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JAMA 100 Years Ago
June 10, 2009

‘Defect of Reason’ and Criminal Liability

JAMA. 2009;301(22):2395. doi:10.1001/jama.2009.752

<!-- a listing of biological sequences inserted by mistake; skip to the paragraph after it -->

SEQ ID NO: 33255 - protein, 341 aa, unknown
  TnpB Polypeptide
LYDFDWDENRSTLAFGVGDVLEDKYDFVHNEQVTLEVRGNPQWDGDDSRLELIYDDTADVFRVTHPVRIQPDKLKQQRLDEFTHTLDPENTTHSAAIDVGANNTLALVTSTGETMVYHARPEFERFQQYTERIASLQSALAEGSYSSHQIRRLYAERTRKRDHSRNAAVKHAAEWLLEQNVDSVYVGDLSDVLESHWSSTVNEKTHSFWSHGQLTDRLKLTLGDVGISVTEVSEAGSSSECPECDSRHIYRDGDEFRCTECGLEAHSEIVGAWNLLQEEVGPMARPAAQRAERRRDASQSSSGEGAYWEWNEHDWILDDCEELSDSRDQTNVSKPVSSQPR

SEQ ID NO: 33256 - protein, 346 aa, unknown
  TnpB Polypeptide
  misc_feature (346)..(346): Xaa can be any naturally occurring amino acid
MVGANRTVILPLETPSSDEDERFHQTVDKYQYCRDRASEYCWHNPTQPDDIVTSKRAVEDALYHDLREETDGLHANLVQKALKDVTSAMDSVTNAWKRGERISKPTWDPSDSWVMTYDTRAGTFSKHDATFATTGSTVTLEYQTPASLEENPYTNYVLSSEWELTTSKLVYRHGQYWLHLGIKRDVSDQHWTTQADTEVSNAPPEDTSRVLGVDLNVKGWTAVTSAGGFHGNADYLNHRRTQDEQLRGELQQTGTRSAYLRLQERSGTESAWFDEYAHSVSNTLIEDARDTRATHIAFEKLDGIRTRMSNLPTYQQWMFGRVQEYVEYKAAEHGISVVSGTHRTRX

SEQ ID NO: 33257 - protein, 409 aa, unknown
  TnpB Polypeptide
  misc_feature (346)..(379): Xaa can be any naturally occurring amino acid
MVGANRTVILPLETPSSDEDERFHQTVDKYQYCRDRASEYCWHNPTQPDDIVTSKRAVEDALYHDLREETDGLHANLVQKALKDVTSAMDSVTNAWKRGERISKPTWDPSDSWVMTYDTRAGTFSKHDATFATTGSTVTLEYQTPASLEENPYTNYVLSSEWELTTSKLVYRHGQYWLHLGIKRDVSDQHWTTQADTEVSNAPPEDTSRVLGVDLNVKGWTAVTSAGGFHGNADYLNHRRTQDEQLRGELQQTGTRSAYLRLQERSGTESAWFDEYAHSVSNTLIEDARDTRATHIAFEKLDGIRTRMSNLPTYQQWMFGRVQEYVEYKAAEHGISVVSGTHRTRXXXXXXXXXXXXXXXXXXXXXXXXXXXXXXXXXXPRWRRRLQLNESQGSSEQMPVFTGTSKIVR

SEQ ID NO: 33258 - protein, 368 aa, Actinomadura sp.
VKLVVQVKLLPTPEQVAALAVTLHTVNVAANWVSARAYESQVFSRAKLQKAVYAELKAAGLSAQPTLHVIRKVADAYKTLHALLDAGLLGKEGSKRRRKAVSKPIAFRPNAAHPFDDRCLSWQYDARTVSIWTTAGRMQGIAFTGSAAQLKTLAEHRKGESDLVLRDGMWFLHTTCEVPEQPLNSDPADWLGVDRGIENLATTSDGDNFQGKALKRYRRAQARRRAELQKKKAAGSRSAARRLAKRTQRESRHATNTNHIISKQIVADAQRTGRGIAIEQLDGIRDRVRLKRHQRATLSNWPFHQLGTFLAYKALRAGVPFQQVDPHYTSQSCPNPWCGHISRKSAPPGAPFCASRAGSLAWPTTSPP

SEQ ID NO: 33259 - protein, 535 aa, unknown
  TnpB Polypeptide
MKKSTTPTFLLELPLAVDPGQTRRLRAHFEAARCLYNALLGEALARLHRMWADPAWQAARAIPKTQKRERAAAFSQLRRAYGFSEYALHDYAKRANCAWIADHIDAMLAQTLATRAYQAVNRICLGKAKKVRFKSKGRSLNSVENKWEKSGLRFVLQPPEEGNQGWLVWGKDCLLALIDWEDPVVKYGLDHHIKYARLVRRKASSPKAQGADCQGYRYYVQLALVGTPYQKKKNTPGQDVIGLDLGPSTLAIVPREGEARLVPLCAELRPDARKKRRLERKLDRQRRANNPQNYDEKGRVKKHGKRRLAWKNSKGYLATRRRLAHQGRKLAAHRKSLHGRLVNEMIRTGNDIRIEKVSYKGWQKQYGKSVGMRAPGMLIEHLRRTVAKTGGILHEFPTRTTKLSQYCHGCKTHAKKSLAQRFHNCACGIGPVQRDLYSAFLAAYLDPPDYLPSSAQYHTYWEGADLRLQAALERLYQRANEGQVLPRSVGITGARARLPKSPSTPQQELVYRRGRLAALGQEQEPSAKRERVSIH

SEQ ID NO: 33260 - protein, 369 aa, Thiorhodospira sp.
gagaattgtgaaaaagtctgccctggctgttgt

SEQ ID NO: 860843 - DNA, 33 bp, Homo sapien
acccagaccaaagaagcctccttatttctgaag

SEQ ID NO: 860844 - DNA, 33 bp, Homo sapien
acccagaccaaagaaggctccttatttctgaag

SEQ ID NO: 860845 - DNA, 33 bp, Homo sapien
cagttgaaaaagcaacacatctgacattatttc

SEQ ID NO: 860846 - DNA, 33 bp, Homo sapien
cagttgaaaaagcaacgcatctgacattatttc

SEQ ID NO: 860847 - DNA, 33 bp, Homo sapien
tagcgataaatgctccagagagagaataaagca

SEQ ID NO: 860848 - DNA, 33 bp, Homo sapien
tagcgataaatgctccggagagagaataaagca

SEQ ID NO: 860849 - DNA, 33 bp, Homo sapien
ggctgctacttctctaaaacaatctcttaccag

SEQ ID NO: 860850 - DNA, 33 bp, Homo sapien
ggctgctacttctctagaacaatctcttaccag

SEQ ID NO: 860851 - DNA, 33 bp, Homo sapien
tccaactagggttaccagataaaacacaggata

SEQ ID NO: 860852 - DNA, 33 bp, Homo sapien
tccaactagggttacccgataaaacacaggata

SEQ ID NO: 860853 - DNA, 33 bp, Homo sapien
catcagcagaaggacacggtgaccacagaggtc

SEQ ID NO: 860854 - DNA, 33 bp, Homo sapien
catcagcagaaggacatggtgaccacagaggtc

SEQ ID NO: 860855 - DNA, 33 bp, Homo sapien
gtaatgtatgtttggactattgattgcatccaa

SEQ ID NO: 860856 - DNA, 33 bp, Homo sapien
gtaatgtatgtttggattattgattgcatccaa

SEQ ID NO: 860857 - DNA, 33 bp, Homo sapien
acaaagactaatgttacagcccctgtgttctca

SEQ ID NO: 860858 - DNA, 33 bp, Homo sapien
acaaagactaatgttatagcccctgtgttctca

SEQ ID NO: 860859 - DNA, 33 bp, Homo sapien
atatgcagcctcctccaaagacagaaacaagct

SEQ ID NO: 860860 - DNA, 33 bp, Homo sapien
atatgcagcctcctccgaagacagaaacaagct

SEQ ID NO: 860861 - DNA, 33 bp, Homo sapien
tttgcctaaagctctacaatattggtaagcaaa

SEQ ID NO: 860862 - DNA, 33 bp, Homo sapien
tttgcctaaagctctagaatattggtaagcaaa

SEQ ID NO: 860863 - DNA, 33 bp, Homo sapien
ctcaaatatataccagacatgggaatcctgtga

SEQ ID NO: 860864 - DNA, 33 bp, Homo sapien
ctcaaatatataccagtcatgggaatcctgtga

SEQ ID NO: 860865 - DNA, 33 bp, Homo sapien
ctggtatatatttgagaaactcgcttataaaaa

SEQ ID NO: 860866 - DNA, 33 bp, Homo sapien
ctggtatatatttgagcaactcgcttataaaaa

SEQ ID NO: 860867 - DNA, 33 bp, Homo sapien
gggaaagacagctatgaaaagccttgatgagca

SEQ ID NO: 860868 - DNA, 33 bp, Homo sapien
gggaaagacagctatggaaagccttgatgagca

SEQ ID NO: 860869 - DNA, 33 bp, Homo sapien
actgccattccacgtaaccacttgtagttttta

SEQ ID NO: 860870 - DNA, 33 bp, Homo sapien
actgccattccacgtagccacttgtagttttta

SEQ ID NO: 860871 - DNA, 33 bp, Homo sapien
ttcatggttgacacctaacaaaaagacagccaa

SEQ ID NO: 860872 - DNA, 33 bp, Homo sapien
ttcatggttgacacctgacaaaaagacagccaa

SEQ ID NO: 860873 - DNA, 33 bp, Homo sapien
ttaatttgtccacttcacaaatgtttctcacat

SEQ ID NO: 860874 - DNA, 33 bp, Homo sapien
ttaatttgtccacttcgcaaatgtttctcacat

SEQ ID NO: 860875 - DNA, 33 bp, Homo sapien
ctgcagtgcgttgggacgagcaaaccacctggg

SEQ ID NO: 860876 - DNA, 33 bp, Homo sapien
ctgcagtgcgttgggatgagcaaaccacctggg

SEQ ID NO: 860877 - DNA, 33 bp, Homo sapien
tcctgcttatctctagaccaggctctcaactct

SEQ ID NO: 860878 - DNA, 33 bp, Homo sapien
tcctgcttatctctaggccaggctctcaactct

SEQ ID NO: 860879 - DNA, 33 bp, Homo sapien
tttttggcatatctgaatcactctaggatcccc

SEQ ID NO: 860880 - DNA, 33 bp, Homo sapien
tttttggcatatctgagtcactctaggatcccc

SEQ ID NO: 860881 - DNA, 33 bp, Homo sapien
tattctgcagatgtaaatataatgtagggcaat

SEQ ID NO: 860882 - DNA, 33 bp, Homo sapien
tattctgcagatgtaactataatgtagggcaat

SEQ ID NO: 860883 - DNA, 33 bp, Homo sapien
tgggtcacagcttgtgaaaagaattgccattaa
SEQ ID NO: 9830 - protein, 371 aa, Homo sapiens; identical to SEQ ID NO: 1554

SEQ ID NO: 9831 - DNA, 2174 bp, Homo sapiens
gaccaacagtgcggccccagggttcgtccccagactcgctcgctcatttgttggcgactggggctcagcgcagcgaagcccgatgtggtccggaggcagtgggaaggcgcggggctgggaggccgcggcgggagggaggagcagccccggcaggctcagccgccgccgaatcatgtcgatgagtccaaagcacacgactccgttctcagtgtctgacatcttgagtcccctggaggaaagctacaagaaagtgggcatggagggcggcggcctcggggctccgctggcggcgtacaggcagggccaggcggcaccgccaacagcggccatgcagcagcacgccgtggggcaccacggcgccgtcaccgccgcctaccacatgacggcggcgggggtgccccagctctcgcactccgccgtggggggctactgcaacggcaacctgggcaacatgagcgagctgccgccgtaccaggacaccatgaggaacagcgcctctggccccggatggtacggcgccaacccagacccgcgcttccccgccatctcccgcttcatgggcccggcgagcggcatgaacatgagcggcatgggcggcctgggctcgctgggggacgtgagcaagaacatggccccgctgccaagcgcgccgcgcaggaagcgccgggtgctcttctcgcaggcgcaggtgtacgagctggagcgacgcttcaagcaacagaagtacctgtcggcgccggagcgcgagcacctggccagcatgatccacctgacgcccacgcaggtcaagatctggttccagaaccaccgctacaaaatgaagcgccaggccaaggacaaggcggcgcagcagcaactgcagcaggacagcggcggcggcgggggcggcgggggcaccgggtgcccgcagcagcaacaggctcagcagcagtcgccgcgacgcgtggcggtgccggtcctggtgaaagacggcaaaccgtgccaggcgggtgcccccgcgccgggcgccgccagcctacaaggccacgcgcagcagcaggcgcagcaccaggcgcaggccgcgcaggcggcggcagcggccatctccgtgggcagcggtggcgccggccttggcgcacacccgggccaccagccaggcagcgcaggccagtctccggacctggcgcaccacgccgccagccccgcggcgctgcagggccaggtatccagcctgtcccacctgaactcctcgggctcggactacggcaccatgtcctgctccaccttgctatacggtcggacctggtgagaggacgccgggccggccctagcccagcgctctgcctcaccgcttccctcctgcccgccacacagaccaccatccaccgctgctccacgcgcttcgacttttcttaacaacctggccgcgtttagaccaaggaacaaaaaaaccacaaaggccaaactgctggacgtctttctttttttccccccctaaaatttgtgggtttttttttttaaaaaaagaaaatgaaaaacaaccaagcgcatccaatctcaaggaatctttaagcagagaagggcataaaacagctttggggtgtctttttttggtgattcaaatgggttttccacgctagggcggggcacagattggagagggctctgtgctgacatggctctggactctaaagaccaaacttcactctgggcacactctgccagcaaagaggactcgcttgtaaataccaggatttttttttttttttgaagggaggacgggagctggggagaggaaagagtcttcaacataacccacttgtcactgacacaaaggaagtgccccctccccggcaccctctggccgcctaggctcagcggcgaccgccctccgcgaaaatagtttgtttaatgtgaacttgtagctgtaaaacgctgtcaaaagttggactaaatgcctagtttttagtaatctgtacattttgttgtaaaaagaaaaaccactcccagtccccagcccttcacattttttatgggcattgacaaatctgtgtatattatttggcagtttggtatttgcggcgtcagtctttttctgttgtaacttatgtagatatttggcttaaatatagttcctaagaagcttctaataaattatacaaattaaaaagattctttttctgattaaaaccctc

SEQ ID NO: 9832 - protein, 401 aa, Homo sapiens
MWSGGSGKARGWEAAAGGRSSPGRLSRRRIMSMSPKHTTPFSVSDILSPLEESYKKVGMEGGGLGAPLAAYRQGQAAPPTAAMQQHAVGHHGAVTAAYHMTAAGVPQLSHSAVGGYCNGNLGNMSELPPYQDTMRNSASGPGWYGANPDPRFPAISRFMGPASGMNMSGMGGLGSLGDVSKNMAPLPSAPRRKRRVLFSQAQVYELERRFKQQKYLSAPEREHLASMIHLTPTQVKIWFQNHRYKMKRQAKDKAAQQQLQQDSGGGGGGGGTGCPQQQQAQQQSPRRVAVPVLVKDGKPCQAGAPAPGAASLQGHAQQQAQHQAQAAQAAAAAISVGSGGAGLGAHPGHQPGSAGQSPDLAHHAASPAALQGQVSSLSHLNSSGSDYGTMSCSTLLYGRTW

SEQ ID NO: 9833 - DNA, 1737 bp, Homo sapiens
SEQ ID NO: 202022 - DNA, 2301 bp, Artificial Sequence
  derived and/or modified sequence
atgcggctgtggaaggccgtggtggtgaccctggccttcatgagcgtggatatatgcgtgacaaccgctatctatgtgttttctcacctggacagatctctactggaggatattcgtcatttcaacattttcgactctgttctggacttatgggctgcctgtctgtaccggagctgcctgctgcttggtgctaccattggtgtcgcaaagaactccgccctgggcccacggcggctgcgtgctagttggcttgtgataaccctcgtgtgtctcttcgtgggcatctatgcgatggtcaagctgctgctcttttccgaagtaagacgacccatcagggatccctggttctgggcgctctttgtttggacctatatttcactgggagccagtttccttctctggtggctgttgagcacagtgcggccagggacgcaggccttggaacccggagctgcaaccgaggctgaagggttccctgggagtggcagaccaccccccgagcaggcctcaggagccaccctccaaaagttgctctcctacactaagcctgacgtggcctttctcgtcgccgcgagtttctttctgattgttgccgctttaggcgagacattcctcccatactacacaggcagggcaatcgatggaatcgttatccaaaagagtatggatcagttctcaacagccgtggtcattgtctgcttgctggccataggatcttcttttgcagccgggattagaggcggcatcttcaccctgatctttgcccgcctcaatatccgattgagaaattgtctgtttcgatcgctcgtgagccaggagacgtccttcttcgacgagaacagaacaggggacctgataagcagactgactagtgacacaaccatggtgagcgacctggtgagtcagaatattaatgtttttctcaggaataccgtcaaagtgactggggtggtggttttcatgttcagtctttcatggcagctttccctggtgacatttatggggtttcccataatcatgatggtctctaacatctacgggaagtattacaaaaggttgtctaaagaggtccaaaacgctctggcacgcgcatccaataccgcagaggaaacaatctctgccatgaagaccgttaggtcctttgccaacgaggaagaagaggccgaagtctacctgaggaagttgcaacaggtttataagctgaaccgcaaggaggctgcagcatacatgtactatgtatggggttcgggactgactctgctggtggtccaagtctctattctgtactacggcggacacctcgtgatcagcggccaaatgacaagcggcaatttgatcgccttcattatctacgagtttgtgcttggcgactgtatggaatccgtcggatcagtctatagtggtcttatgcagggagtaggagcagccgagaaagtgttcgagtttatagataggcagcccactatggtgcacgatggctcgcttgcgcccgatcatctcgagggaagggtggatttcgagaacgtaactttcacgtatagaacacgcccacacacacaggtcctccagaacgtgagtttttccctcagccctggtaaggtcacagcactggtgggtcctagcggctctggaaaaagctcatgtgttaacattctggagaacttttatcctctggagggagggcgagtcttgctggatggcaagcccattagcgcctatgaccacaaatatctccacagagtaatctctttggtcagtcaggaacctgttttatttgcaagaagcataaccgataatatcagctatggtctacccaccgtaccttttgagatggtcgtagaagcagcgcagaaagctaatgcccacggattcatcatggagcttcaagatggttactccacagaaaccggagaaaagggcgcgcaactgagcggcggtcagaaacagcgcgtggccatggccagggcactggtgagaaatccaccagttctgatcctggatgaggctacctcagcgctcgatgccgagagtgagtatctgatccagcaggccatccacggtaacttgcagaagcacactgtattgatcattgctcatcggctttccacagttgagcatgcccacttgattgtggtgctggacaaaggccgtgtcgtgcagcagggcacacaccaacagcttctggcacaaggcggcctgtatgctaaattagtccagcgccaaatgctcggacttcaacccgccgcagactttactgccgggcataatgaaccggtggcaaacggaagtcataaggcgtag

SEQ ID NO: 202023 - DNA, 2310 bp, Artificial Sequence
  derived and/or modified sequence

The Court of Appeals of New York says, in the case of People vs. Carlin, that under the statute of that state, which embodies the English rule laid down in the celebrated McNaghten Case, 1 C. & K. 134, a person is not excused from criminal liability as an insane person except on proof that at the time of committing the alleged criminal act he was laboring under a defect of reason, which furthermore, must have been such as to render him either (1) ignorant of the nature and quality of the act he was doing, or (2) ignorant that the act was wrong. This is the only test of responsibility known to the law of the state of New York. The phrase “defect of reason” in the statute means disease of the mind, and a person who has committed an act otherwise unquestionably criminal may not be relieved from the consequences of that act where insanity is relied on as the sole defense, unless at the time of the commission of the act he was suffering from some disease of the mind. Material neglect has never yet been recognized as an excuse for matricide, and no matter how firmly the defendant may have been convinced that it was not wrong to kill his mother, his convictions to that effect could avail nothing as a defense unless they were the outcome of mental derangement.

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